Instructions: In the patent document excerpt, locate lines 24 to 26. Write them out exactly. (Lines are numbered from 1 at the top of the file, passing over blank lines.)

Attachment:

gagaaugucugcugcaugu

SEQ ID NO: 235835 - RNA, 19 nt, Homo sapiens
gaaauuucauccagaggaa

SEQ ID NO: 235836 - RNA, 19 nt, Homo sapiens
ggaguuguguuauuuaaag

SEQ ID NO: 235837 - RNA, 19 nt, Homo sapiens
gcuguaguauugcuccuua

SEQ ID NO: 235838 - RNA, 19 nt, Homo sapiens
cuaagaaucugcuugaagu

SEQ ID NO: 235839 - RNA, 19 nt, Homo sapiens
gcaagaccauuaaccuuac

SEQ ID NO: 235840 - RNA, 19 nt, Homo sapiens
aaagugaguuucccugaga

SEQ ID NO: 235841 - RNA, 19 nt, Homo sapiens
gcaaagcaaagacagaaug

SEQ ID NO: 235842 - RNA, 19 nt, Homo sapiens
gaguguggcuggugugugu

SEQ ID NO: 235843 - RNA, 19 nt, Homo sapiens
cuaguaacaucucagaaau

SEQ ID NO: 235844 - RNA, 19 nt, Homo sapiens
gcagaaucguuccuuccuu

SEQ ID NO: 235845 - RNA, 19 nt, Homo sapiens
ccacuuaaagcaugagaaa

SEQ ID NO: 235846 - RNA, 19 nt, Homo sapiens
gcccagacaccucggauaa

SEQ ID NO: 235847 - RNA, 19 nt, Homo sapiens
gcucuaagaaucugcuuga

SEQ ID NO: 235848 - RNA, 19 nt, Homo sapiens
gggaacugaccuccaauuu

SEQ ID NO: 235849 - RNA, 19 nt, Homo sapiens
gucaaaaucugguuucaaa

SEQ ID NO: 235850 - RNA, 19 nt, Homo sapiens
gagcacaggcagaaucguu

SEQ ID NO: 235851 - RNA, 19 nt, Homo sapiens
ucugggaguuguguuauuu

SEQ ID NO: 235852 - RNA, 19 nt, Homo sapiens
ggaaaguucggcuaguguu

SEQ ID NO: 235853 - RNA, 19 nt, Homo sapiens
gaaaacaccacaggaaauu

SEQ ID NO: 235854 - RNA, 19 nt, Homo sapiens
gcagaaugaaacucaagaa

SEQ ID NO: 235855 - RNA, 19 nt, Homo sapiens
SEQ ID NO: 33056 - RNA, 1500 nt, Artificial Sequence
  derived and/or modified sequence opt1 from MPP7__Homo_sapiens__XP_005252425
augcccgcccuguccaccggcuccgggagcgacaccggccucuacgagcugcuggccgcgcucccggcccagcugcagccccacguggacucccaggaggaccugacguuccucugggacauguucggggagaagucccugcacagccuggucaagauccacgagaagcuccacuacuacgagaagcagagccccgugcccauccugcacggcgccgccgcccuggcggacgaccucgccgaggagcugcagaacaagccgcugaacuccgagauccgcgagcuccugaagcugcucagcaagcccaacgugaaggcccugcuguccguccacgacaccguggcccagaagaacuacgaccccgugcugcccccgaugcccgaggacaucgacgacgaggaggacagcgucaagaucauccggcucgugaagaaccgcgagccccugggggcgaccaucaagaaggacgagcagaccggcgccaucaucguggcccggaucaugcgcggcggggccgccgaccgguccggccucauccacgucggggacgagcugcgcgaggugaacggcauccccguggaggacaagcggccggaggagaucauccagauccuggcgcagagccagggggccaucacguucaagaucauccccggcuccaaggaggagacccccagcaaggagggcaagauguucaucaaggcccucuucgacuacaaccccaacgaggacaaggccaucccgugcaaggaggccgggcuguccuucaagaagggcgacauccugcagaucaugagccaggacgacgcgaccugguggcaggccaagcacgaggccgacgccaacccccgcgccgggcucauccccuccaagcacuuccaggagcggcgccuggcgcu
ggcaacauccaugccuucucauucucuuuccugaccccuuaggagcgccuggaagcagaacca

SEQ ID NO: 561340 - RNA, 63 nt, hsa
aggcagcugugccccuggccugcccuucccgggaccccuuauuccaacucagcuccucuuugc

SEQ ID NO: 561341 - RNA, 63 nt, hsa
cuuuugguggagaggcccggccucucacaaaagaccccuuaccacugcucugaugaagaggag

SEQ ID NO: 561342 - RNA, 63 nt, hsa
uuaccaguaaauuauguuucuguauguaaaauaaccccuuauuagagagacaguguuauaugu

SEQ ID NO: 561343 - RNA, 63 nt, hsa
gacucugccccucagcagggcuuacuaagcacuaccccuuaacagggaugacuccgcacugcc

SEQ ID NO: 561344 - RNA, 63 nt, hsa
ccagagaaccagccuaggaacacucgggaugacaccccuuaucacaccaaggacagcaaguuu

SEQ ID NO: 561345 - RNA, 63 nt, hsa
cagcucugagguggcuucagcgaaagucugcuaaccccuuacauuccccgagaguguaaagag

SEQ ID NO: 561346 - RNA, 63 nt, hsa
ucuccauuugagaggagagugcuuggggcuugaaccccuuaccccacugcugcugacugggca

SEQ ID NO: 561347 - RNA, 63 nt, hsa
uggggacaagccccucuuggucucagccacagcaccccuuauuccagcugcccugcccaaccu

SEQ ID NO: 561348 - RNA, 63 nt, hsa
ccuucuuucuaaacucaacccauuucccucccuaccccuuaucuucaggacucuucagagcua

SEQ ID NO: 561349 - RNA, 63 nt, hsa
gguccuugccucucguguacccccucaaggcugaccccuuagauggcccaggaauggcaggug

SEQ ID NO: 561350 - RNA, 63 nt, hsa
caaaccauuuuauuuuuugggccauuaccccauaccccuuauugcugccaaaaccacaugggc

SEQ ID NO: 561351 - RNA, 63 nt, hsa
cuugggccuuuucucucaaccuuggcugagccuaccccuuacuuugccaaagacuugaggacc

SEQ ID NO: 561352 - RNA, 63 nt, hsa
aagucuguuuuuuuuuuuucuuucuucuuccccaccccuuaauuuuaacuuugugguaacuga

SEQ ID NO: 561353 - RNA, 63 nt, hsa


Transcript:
SEQ ID NO: 235846 - RNA, 19 nt, Homo sapiens
gcccagacaccucggauaa

SEQ ID NO: 235847 - RNA, 19 nt, Homo sapiens